Yet it seems clear that there are many aspects of Prosperity Teaching that have their roots in that soil. We therefore wonder if much popular Christianity is a syncretised super-structure on an underlying worldview that has not been radically transformed by the biblical gospel. We also wonder whether the popularity and attraction of Prosperity Teaching is an indication of the failure of contextualization of the Gospel in Africa.

8. We observe that many people testify to the way Prosperity Teaching has in fact impacted their lives for the better—encouraging them to have greater faith, to seek to improve their education, or working lives. We rejoice in this. There is great power in such testimony, and we thank God when any of his children enjoy his blessing.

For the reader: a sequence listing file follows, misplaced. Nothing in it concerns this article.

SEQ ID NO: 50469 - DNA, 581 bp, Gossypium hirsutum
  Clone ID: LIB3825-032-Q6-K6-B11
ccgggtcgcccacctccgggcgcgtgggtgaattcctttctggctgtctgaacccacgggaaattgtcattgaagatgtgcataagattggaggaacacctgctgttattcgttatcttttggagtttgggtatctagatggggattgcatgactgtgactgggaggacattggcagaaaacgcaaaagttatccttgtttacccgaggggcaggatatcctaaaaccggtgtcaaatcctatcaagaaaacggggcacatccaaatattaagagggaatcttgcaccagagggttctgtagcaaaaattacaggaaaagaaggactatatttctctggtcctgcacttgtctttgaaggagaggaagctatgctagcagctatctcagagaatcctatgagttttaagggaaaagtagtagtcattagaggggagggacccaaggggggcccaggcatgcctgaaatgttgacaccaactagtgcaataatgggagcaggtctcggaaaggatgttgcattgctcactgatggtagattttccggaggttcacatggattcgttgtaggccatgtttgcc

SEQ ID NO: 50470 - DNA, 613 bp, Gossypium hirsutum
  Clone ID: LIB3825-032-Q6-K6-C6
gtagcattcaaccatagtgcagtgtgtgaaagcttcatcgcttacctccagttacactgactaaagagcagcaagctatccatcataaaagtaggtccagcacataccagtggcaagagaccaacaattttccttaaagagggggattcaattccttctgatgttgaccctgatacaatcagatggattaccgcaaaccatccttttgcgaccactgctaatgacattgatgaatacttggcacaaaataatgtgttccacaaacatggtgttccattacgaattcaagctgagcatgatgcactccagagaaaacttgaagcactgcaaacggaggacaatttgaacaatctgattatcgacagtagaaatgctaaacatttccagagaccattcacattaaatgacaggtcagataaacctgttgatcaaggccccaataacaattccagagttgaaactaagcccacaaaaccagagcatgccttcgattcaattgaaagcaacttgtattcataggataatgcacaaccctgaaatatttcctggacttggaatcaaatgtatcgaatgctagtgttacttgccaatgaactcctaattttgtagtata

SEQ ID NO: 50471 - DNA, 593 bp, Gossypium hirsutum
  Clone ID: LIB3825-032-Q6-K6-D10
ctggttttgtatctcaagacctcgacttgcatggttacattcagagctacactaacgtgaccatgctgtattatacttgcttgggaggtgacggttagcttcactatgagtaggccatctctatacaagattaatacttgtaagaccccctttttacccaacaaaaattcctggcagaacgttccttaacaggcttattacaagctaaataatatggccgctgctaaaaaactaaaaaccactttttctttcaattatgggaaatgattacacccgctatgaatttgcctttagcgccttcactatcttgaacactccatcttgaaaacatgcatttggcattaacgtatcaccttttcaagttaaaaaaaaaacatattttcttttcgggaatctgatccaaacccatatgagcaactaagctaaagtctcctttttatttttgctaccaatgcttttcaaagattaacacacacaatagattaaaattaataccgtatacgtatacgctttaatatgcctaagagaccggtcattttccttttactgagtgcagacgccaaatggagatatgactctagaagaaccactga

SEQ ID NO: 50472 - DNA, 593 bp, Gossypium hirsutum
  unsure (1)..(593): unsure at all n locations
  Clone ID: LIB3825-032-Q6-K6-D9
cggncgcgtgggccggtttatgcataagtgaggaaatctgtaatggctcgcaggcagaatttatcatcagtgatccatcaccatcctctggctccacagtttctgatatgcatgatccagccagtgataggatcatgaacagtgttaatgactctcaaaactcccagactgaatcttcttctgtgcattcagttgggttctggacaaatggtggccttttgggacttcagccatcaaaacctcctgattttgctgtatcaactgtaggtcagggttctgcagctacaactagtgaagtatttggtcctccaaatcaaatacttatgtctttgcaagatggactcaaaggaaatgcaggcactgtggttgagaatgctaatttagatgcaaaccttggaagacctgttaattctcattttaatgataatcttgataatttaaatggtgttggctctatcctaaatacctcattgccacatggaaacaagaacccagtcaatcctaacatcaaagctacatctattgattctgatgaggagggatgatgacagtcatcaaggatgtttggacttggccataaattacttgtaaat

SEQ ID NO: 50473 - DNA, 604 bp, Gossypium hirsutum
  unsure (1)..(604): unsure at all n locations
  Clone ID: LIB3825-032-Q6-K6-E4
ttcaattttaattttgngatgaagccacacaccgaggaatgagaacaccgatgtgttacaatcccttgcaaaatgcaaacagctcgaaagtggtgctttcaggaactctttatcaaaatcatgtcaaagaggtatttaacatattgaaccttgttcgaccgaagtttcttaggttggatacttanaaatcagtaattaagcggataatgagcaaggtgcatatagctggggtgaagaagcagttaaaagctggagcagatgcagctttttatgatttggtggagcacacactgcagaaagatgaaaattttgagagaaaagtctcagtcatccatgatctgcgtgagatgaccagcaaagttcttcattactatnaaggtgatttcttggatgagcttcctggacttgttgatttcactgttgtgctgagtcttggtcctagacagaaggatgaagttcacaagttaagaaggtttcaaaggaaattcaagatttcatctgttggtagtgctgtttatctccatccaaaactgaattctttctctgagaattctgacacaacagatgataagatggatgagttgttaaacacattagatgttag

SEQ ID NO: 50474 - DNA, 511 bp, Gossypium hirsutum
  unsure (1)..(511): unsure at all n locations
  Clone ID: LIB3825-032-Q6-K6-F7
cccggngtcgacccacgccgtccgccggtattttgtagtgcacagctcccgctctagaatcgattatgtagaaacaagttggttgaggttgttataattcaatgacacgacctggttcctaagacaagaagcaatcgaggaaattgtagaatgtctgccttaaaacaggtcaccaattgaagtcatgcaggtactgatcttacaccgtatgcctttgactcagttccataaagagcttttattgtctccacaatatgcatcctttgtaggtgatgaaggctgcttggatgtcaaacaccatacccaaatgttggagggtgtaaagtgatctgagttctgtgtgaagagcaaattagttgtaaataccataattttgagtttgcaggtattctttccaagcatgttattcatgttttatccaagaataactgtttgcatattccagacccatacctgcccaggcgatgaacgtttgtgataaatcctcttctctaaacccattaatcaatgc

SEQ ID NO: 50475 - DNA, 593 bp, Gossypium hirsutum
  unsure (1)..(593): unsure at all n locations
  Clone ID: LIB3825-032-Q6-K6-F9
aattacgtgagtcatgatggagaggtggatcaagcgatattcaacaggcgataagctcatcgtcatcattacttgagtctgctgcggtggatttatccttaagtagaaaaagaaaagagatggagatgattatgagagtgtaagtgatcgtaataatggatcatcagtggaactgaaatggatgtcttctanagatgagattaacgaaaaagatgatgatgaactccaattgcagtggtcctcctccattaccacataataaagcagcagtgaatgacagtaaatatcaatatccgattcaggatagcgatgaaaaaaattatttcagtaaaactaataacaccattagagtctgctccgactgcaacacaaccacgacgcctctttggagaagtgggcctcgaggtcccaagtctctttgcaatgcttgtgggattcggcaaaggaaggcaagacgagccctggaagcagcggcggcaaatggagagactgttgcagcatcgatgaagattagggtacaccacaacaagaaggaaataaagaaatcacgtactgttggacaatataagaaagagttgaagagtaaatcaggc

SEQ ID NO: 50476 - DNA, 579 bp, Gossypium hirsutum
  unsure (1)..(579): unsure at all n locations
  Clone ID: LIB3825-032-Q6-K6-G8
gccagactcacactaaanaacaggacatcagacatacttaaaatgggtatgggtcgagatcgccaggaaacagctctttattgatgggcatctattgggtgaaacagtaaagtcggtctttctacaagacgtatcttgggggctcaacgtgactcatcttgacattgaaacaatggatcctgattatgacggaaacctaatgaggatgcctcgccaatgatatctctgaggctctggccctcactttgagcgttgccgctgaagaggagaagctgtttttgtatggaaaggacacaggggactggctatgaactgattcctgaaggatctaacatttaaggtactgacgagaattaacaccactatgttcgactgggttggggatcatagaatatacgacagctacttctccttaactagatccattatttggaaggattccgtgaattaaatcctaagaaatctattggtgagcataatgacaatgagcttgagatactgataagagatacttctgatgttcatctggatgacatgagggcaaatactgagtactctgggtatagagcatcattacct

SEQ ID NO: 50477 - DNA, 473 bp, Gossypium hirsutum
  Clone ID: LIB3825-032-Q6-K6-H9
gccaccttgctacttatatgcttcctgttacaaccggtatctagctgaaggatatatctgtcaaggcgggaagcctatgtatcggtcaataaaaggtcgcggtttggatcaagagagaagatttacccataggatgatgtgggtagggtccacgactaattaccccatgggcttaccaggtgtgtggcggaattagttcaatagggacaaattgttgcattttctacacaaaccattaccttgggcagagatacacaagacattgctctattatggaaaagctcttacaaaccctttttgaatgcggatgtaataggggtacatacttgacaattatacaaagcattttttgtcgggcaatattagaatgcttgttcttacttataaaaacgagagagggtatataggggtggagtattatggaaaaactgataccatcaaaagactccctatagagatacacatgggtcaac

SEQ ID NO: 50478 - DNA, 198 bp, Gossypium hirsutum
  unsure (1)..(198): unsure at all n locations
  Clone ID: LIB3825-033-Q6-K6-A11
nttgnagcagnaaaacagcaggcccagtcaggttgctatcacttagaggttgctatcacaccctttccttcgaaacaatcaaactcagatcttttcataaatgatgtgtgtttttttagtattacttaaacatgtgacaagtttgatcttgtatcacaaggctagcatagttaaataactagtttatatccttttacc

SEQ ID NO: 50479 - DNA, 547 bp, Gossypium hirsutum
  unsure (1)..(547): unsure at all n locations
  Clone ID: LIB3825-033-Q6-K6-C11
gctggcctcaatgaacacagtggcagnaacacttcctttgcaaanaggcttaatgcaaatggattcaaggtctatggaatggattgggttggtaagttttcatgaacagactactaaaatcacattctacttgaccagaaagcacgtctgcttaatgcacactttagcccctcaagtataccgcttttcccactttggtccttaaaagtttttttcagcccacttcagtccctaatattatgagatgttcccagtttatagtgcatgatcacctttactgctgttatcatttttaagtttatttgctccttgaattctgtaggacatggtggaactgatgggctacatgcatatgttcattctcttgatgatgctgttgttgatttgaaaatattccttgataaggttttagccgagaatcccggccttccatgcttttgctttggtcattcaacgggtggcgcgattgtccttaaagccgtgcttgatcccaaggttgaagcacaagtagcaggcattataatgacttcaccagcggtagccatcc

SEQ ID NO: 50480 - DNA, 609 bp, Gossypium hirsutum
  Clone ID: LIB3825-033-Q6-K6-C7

However, we observe equally that many people have been duped by such teaching into false faith and false expectations, and when these are not satisfied, they 'give up on God', or lose their faith altogether and leave the church. This is tragic, and must be very grievous to God.

9. We accept that many prosperity teachers mostly have their roots in evangelical churches and traditions, or were brought up under the influence of evangelical parachurch ministries.

But we deplore the clear evidence that many of them have in practice moved away from key and fundamental tenets of evangelical faith, including the authority and priority of the Bible as the Word of God, and the centrality of the cross of Christ.

10. We know that God sometimes puts leaders in positions of significant public fame and influence.

However, there are aspects of the lifestyle and behaviour of many preachers of Prosperity Teaching that we find deplorable, unethical, and frankly idolatrous (to the god of Mammon), and in some of these respects we may be called upon to identify and reject such things as the marks of false prophets, according to the standards of the Bible. These include: